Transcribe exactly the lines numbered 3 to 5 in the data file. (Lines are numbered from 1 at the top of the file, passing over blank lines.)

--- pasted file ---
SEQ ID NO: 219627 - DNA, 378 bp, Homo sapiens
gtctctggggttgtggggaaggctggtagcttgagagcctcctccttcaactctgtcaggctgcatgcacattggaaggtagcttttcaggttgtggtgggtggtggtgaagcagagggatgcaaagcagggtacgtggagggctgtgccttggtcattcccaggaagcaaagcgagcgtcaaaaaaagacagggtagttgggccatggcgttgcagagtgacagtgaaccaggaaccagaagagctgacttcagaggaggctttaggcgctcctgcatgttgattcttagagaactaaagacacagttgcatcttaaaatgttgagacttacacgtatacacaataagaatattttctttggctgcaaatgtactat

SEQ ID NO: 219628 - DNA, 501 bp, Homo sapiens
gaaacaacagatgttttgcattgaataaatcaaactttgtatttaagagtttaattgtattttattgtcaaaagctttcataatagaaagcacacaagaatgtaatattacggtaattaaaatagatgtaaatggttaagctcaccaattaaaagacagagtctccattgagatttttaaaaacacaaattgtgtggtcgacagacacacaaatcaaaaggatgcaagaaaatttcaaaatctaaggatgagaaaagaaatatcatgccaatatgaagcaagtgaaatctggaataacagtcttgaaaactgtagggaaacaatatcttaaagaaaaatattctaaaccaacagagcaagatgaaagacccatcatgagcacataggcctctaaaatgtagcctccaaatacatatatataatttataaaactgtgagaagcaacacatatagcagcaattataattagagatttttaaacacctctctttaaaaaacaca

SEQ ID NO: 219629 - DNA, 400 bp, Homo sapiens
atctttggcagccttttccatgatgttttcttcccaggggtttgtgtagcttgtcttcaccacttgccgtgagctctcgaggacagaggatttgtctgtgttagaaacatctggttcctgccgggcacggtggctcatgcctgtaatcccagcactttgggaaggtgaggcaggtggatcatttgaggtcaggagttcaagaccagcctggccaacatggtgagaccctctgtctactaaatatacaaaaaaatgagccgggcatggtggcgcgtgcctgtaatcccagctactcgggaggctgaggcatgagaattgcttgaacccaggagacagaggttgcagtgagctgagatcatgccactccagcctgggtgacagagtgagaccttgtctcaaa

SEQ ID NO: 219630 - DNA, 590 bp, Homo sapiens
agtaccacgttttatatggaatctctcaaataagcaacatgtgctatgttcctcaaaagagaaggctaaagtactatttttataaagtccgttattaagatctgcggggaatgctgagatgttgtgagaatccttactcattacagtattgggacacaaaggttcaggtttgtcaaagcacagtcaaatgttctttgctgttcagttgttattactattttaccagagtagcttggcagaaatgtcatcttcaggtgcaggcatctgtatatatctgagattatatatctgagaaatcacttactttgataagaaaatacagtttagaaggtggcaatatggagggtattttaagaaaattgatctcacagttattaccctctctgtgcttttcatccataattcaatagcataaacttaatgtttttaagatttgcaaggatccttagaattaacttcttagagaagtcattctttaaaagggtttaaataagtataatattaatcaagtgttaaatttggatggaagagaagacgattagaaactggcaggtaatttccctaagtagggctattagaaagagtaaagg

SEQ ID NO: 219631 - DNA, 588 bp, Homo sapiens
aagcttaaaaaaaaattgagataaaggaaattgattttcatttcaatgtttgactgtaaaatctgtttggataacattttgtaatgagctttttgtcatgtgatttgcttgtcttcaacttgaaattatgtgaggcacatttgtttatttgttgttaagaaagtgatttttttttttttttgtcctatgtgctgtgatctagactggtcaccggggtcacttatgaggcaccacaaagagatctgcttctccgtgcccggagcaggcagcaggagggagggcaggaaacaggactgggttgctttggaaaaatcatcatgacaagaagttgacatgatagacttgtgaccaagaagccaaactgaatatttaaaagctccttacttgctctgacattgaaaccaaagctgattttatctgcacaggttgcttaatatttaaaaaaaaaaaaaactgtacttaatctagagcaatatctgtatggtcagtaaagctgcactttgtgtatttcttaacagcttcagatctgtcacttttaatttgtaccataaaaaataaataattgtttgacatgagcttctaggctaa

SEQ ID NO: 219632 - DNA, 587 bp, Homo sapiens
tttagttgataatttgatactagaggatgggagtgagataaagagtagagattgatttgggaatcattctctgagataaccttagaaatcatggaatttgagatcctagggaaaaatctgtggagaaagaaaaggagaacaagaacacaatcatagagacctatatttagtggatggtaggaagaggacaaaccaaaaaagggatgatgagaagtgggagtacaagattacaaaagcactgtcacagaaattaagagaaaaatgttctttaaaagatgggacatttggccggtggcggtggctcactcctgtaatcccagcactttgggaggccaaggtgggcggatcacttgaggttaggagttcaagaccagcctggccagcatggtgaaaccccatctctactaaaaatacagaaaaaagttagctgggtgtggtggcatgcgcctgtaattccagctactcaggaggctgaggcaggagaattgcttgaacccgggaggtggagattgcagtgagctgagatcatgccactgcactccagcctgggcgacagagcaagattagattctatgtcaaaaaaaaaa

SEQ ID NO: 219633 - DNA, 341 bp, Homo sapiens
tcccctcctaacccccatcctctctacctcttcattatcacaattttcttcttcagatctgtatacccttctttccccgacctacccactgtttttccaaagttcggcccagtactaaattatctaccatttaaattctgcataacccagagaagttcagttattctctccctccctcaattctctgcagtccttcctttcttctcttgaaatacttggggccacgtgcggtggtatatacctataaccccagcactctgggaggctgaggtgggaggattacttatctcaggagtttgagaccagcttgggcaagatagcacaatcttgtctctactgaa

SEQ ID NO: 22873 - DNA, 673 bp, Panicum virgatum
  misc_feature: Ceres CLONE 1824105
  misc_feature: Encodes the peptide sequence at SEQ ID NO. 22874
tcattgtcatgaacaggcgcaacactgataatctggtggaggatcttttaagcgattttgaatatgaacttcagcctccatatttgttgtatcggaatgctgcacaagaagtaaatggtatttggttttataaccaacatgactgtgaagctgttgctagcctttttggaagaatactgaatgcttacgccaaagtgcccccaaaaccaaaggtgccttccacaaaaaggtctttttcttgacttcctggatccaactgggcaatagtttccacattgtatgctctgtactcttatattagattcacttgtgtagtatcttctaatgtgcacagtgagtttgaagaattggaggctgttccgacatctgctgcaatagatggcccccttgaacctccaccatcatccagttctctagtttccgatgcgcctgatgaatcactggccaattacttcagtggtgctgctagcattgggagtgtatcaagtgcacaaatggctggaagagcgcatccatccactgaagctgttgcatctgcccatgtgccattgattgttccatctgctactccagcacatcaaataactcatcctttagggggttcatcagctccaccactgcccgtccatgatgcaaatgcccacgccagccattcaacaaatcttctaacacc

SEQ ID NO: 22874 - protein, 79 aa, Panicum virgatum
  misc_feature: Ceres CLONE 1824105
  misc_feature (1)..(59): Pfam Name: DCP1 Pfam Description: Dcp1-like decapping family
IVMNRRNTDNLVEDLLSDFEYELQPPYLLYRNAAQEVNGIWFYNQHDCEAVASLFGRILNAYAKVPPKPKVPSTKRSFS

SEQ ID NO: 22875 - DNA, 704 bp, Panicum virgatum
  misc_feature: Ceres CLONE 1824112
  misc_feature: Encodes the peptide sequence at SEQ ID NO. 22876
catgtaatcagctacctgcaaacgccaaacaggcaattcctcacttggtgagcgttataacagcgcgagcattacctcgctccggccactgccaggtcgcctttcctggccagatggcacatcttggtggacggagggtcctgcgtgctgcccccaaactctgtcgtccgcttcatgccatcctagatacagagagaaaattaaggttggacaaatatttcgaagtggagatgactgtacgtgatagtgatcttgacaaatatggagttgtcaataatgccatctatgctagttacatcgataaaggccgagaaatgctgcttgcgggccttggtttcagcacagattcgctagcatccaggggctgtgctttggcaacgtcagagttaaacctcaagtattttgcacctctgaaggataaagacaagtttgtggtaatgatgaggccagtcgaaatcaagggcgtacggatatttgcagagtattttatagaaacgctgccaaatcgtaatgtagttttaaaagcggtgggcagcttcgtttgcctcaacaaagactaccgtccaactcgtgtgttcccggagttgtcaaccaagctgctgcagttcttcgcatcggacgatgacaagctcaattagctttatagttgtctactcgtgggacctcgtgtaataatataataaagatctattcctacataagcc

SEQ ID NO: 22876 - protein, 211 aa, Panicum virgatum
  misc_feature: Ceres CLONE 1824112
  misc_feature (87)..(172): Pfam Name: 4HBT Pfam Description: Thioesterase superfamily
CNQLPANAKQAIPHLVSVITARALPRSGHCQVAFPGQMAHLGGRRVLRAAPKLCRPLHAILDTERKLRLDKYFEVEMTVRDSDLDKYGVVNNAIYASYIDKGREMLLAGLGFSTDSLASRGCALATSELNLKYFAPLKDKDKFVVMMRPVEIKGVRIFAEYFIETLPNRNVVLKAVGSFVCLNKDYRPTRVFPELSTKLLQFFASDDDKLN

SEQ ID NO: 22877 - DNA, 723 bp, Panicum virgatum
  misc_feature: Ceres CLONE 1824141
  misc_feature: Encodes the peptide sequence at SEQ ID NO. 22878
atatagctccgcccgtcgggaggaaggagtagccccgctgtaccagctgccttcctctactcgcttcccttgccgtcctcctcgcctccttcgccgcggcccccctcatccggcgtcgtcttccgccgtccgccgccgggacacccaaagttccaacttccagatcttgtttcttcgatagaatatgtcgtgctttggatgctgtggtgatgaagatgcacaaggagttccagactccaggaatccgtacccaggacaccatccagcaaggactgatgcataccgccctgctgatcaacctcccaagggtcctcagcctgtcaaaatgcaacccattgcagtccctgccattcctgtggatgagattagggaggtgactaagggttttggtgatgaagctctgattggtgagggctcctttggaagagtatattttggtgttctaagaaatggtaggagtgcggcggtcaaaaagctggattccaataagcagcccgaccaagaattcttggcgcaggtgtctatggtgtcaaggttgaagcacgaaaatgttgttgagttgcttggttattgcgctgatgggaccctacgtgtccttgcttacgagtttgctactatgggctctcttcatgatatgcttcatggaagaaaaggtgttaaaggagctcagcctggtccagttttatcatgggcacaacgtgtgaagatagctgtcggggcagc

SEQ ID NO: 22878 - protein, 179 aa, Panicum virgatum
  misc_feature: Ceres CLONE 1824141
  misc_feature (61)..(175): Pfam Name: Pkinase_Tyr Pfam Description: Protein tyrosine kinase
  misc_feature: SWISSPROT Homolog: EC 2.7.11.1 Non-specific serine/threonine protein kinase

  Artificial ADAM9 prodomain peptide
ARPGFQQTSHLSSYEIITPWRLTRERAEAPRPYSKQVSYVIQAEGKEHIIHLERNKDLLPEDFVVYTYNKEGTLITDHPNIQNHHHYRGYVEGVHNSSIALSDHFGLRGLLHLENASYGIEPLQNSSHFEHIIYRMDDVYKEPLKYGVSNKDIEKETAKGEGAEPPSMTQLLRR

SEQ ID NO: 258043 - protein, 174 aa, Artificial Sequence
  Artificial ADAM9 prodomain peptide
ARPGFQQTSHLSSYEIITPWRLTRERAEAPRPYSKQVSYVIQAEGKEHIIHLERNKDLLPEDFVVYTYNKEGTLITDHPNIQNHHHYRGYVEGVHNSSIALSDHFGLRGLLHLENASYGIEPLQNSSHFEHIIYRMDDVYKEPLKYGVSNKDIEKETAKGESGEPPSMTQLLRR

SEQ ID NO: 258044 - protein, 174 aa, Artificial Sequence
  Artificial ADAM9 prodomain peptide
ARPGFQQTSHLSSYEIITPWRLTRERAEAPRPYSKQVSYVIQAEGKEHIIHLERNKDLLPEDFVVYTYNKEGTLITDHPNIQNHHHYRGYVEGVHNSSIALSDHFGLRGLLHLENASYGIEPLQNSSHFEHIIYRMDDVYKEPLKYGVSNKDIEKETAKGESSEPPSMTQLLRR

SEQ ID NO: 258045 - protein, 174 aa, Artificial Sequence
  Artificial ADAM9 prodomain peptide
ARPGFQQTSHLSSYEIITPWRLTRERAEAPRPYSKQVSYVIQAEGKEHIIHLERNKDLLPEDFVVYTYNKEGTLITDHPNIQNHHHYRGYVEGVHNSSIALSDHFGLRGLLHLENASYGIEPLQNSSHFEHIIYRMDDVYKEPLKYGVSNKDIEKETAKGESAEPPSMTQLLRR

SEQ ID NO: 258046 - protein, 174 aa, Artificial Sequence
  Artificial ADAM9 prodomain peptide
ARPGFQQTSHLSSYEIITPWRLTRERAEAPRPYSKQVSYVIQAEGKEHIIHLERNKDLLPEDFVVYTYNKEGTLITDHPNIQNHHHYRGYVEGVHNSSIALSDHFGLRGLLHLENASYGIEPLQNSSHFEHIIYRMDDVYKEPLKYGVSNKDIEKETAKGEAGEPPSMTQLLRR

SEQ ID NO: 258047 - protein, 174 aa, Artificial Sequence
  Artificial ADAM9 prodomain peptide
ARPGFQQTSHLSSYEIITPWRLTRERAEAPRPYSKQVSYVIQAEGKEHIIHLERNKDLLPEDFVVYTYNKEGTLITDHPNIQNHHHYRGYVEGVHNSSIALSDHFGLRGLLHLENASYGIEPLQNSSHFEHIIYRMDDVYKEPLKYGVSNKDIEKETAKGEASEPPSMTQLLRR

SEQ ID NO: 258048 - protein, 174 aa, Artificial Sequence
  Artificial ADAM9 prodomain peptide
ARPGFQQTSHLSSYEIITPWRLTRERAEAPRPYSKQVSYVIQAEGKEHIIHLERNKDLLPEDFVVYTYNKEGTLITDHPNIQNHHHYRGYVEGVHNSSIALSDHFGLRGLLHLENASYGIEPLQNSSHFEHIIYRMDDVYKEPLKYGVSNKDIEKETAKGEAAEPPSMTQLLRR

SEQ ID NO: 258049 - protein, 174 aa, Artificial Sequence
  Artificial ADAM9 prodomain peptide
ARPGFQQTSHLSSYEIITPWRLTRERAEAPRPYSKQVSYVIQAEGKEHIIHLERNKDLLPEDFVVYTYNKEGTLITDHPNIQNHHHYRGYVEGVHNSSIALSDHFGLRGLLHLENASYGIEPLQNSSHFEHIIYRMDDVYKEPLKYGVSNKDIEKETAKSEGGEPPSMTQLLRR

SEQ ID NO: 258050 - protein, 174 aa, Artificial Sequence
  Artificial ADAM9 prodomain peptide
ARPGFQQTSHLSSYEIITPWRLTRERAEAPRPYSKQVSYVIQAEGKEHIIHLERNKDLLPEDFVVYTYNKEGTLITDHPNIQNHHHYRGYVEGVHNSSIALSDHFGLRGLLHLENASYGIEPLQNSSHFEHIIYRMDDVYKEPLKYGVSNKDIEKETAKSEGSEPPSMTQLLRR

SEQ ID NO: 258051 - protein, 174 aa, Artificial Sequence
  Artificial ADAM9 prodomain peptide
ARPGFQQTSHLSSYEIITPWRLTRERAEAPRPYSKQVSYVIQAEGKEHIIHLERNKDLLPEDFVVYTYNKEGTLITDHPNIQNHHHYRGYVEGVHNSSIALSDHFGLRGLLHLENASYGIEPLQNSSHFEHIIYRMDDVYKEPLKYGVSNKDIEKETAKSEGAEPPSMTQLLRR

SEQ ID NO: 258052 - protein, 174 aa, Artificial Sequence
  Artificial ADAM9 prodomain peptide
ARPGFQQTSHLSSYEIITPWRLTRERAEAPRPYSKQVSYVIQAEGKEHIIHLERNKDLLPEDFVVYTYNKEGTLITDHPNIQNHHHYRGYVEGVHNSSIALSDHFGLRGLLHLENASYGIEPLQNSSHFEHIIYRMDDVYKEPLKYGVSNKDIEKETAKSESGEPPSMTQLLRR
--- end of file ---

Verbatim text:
SEQ ID NO: 219628 - DNA, 501 bp, Homo sapiens
gaaacaacagatgttttgcattgaataaatcaaactttgtatttaagagtttaattgtattttattgtcaaaagctttcataatagaaagcacacaagaatgtaatattacggtaattaaaatagatgtaaatggttaagctcaccaattaaaagacagagtctccattgagatttttaaaaacacaaattgtgtggtcgacagacacacaaatcaaaaggatgcaagaaaatttcaaaatctaaggatgagaaaagaaatatcatgccaatatgaagcaagtgaaatctggaataacagtcttgaaaactgtagggaaacaatatcttaaagaaaaatattctaaaccaacagagcaagatgaaagacccatcatgagcacataggcctctaaaatgtagcctccaaatacatatatataatttataaaactgtgagaagcaacacatatagcagcaattataattagagatttttaaacacctctctttaaaaaacaca

SEQ ID NO: 219629 - DNA, 400 bp, Homo sapiens